priety, or even to imply a censure. I do it t"or no such purpose.

These oliioers, I doubt not, see my purpose at a i^Iance they ap- —

proved the conduct of that commander. One of them, I know,
was his most ardent and able drfender, and stood by him with an
unquailin^' front, nmid-f the terrific tempest of public opinion v>hich
the circumstances elicited. Xovr, in that case, the execution was
preeedrd I)y no forms of law, no regularly authorized tribunal vvas
oreranizcd lo hear and wei;;h with calm and impartial deliberation
the testimony for and a2:ainst the prisoners; they were not de-
fended by counsellors learned in the law. The execution, if jus-
tified at all, must be un.'hu- the operation of that stern, uncom-
promising necessity that overrides all law. A proper tribunal
acquitted him, so it did me and the Congress of Texas moreover

passed me a vote of thank.-^. Now, then, I call upon these gentle-

men, iti view of their opinions and acts in relation to the case to
which I have referred, to reconcile it with a manly generosity —
their taking up this lu'tid carrion of a cliarge.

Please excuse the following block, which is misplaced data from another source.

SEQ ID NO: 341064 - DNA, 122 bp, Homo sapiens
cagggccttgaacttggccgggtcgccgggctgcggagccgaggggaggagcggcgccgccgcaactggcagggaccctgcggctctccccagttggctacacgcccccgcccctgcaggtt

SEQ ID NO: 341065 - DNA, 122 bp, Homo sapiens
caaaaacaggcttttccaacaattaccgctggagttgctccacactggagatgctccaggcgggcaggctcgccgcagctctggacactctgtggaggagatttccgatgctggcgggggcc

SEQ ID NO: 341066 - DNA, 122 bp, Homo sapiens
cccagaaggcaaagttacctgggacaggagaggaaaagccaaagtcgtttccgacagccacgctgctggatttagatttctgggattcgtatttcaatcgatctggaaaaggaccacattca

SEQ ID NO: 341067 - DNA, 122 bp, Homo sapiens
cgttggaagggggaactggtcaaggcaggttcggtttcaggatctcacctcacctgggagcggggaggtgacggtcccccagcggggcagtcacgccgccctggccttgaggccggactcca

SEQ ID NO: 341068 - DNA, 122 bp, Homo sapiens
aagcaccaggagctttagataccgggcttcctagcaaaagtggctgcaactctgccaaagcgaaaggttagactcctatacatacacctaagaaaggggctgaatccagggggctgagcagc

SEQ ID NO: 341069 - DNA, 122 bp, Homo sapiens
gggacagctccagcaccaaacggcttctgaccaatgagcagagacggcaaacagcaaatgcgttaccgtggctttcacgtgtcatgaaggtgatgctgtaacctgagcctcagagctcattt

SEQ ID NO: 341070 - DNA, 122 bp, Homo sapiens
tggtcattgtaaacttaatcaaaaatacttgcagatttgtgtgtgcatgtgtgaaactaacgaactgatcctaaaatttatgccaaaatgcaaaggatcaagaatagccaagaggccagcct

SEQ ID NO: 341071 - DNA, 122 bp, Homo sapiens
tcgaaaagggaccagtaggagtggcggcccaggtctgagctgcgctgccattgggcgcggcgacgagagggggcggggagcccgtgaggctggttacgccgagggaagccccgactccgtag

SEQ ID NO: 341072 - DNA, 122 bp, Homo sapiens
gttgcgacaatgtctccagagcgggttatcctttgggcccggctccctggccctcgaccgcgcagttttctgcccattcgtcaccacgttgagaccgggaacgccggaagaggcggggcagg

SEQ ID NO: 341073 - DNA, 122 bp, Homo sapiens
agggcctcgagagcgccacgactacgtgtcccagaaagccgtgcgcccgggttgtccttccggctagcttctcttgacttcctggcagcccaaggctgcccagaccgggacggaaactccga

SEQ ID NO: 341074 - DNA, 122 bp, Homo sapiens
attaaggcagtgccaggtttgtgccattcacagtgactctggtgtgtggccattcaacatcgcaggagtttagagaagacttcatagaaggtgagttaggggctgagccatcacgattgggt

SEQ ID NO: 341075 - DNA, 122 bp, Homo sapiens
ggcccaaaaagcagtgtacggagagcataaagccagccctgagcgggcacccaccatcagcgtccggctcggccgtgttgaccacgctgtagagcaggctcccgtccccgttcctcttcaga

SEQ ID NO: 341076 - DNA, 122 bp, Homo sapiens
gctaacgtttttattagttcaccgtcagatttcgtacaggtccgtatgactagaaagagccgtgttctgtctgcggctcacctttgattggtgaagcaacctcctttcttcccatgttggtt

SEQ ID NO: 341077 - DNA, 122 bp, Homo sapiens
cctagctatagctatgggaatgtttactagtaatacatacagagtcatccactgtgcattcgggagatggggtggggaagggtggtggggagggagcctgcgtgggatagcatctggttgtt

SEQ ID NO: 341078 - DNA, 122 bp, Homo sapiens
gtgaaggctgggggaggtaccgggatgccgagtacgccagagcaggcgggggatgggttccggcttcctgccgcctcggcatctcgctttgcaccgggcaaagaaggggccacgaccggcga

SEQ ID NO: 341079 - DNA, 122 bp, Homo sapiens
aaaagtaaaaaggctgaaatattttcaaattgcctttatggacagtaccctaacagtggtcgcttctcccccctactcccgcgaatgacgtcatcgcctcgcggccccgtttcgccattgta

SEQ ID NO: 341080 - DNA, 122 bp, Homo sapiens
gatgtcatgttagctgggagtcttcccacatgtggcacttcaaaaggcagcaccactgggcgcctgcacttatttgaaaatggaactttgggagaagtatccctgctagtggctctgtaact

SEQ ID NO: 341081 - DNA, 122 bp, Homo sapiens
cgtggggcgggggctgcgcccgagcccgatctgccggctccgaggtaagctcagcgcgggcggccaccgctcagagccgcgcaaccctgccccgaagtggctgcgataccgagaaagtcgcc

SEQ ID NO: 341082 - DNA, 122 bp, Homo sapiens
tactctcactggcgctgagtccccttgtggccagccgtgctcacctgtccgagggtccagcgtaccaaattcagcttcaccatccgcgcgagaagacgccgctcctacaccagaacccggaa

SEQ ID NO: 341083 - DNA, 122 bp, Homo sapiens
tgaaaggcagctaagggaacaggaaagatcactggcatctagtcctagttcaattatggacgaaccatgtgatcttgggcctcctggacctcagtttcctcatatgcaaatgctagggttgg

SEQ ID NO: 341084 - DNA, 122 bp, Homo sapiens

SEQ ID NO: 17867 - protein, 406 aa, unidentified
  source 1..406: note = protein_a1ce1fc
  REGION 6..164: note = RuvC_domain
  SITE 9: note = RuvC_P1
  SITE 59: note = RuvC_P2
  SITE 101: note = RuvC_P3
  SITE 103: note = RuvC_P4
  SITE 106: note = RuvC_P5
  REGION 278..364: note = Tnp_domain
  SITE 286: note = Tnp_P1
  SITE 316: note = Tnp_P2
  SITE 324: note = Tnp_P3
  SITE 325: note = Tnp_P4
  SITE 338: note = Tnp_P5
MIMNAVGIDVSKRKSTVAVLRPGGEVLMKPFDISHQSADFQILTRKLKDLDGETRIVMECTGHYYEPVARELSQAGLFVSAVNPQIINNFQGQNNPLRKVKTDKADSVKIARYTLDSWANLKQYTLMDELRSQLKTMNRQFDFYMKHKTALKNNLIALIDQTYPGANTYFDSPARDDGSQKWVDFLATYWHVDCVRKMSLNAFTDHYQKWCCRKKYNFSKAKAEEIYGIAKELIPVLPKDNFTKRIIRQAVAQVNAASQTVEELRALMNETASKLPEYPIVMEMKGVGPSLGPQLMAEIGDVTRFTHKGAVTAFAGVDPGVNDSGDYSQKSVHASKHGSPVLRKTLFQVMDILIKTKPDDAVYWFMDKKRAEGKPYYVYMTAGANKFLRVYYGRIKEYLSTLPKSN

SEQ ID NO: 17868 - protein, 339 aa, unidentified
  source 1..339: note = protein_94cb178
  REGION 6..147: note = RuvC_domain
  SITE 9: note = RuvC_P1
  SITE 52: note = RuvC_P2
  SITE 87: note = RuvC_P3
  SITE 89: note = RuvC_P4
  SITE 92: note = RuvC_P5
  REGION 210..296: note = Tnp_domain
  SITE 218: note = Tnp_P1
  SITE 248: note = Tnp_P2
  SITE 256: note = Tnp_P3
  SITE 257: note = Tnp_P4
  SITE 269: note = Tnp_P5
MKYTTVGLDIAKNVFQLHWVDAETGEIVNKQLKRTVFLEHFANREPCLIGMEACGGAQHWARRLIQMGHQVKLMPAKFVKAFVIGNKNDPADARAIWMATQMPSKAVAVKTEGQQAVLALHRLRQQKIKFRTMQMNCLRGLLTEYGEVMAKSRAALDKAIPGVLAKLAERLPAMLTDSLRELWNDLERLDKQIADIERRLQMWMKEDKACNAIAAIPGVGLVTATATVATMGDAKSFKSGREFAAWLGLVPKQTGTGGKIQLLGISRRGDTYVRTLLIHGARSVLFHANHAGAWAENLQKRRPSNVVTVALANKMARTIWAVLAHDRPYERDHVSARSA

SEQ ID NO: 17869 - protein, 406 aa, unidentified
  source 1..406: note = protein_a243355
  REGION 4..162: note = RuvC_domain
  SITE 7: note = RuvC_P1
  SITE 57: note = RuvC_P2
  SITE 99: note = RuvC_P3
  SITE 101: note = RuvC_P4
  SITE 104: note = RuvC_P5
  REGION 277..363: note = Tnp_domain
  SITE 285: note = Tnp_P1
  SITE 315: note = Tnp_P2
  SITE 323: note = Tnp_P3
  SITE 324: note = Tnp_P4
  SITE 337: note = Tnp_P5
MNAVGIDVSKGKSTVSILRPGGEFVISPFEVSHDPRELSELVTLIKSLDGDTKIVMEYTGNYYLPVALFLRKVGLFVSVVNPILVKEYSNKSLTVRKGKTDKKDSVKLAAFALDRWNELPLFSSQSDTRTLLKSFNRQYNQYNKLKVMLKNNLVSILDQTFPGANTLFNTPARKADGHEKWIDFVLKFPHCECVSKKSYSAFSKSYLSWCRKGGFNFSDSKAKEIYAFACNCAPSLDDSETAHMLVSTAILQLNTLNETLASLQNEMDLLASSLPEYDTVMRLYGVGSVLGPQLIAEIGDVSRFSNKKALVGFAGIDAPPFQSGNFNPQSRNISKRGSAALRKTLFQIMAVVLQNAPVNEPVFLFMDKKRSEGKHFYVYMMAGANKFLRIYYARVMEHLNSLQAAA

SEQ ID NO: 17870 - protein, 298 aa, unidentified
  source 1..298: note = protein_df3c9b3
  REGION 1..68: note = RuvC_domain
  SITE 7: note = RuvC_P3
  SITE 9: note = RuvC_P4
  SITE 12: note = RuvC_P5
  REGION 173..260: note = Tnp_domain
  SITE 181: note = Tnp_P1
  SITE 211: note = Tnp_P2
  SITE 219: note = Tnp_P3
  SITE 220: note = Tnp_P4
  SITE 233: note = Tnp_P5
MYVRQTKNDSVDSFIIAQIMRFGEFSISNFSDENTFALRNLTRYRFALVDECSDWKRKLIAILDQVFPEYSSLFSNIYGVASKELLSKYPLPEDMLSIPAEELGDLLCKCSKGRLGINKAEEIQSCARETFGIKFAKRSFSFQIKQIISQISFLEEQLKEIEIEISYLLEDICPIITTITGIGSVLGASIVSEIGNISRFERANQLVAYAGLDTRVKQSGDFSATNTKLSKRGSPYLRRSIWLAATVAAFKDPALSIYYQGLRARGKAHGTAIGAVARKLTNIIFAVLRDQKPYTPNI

I may as well, in this_ place, introduce the nction of the Con-

gress of Texas on the veto messitge of President Jones, which

they have spread befiM'c^ Coulmtss with so much parade. Im-
mediately upon t'le r<'ading of the m.essage, the following reso-
lution adopted under a suspension of the rules:

Rcsolcvd hi/ ('if' Sf_/i(i(i, That it is the opinion of this body, that
the trial of Po>t Ca|)iain, ]]. W. Moore, under a join resolution of
the Coiii^re-s of this Ib'punlic, approved February 5. b^ 11, by the
Court-.Martial convened utuler said resolution, was final and con-

And again — irouse .Journal, pa^re SO, same date :

licsolrrd by the House i>f 11/ prts( titatires of the Rrpnblic of

7V.rY/.v, That it is the opinion of this body, that the trial of I'ost

Captain, 1'. W. M( opi'. under the joint resolution, approved Feb-

ruary f), I'sll. by tli'' ^[lecial (_\)urt-.Martial convened under that
resolution, and the finding of said Court, t'ully entitles Post Cap-
tain, W. .M(-()re, to continue
li. in his position as commander of
tlie Xavy of" this Republic.
J if sol It i/, Tiiat tiie thanks of the Ilou-e of Uepresentatives. of
the Ib-pubiic ot' Ti-xas, are justly i\[u^ Commodore E. W. Moore,

and tlnc-e under his counnand in the service of the Navy of said

I will nov/ add in my final di-[)ositir,n of this veto, Tfiot the

jnnnctj iippnij'rictt d (y da act, I hnrc I'ni^ ^i/tcc draun from th.c

Treasury oj T'.jas,
1 have as])rieny as possible examined the "statement of hav'
and facts" contained in the extraordinary pam[)hlet issned by
thf'se oliicprs, and upon which they rely to (UitV-at the favoral)le